Smoking is more dangerous for a person with MS than it is for the average person. Of course, smoking is bad for everyone, and quitting is the single healthiest thing a smoker can do, but that’s even truer for people with MS.
A number of important studies show smoking increases the likelihood of developing MS and of the disease progressing.
What do studies say about the relationship between smoking & MS?
- The Nurses’ Health Study in 2001 found the risk of getting MS was 1.6 times greater for current smokers, and 1.2 times greater for past smokers than for women who had never smoked. The longer a woman had smoked, the greater her risk of MS; it was highest (1.7 times greater) for those who had smoked for more than 25 years.
- A Norwegian study in 2003 found smokers were 1.8 times likelier to develop MS than non-smokers were.
- A 2005 Harvard study found that people with MS who had ever smoked were 3 to 4 times likelier to develop secondary progressive MS than those who had never smoked.
- A Swedish study in 2008 confirmed in a group of 122 people with MS that smokers were much more likely to have progressive disease, and to progress at an earlier age.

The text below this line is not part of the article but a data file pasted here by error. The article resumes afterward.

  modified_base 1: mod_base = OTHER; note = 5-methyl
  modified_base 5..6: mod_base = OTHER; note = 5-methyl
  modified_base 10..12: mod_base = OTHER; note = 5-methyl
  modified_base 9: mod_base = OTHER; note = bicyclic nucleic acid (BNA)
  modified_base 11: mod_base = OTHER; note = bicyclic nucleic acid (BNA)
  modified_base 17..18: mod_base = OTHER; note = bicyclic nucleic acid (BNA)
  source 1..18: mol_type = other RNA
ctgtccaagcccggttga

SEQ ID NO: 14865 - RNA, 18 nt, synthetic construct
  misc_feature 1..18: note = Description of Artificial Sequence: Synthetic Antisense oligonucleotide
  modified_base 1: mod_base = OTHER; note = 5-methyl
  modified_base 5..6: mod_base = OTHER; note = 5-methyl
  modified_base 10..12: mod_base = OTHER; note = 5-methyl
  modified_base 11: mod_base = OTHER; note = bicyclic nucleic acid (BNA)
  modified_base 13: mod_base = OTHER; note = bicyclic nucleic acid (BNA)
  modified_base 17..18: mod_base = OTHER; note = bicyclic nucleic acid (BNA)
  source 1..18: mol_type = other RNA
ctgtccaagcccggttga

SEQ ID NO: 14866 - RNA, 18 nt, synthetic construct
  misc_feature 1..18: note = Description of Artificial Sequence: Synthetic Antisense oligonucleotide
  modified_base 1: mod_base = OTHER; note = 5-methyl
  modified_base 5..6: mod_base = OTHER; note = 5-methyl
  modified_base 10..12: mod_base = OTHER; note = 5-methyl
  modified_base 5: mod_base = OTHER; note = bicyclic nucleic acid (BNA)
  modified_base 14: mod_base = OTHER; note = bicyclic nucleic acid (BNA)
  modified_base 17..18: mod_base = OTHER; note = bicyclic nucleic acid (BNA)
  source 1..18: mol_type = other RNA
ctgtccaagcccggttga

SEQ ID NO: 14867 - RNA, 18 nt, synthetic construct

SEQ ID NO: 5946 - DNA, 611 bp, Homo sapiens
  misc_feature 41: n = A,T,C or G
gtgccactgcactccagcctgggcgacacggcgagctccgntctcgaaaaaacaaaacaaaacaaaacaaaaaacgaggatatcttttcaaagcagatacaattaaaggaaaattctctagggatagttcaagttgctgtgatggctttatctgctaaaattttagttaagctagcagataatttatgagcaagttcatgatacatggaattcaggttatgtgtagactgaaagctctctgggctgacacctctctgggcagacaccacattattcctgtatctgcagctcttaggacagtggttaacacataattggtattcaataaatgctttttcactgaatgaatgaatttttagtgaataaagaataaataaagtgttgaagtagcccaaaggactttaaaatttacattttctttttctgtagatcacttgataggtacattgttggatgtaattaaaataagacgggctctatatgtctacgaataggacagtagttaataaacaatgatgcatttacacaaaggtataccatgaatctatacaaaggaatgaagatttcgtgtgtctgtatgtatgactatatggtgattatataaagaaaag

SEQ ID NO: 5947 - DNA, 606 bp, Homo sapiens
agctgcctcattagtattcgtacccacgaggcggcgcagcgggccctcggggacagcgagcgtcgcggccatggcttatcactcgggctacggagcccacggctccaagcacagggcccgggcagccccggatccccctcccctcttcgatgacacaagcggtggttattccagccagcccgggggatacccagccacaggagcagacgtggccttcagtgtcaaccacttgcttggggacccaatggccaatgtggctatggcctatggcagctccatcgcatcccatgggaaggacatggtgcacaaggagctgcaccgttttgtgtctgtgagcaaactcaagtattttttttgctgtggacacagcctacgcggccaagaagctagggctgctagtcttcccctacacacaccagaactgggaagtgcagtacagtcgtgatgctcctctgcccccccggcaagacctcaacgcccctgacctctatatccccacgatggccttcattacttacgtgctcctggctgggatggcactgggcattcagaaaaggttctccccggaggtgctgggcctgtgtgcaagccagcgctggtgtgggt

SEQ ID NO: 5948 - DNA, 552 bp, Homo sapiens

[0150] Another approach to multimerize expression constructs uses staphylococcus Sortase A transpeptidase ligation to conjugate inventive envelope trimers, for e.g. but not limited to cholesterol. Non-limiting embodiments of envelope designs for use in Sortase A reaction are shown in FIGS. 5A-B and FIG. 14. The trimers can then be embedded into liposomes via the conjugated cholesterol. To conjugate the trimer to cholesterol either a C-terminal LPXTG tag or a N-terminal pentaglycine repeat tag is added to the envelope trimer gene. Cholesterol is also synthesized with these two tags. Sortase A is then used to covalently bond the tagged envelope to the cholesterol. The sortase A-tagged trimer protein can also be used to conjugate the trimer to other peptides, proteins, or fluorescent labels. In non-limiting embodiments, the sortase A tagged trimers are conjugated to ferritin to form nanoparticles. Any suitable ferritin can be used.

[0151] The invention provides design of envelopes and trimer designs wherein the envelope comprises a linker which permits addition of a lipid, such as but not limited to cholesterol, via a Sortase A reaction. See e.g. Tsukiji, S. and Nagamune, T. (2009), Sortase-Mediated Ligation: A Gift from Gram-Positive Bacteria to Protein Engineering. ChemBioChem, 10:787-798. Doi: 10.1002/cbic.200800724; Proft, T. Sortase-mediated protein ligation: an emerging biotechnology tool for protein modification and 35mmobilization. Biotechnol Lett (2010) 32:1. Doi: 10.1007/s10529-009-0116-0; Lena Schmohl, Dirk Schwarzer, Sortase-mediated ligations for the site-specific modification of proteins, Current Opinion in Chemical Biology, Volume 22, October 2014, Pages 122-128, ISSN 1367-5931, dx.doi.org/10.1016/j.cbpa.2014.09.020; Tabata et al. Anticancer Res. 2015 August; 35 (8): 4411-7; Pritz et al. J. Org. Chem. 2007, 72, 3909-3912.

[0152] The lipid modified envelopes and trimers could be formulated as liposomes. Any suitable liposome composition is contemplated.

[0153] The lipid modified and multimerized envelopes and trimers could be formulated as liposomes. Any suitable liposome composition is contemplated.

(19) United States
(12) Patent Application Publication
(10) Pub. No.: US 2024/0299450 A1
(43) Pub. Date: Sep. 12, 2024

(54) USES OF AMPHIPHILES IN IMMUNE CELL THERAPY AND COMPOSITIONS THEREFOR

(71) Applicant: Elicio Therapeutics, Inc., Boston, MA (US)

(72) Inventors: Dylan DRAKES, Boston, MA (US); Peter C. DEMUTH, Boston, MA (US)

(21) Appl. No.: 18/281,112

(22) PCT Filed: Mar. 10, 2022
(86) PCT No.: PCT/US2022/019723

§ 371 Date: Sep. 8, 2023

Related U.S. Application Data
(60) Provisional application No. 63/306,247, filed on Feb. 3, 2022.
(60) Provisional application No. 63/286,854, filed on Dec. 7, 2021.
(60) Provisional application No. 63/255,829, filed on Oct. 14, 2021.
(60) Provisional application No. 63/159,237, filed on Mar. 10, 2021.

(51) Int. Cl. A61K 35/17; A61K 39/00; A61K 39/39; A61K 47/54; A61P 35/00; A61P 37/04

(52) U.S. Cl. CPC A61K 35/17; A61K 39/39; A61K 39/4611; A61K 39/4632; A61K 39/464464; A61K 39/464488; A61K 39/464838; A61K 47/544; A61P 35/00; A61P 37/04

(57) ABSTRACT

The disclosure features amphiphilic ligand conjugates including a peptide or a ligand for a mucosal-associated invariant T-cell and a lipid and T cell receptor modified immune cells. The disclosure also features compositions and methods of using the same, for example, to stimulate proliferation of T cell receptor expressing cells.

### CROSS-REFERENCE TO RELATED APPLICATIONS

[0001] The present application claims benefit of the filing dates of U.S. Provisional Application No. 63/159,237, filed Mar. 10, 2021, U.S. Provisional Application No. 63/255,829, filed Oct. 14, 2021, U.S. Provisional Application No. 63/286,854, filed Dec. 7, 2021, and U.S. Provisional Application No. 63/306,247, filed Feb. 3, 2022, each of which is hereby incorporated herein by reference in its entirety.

- Second-hand smoke is harmful in MS: A French study showed in 2007 that children were more than twice as likely to get MS if their parents smoked. The longer their exposure, the more likely MS was to develop
- A 2008 Austrian study showed that for people who’d had an initial attack suggestive of MS, smokers were nearly twice as likely to develop MS, and to do so earlier than non-smokers
- A 2009 Johns Hopkins report noted that subjects who had started smoking before the age of 17 were much more likely to develop MS.
- Overcoming MS’s HOLISM study showed that people with MS who smoke not only had a lower quality of life but also a startling 90% increase in the likelihood of major mobility impairments
Despite all this evidence, studies have shown that people with MS smoke more than the general population
For people with MS who still smoke, giving up smoking is likely to positively affect the course of MS. This reasonably simple change can make a big difference in how the disease progresses and to quality of life.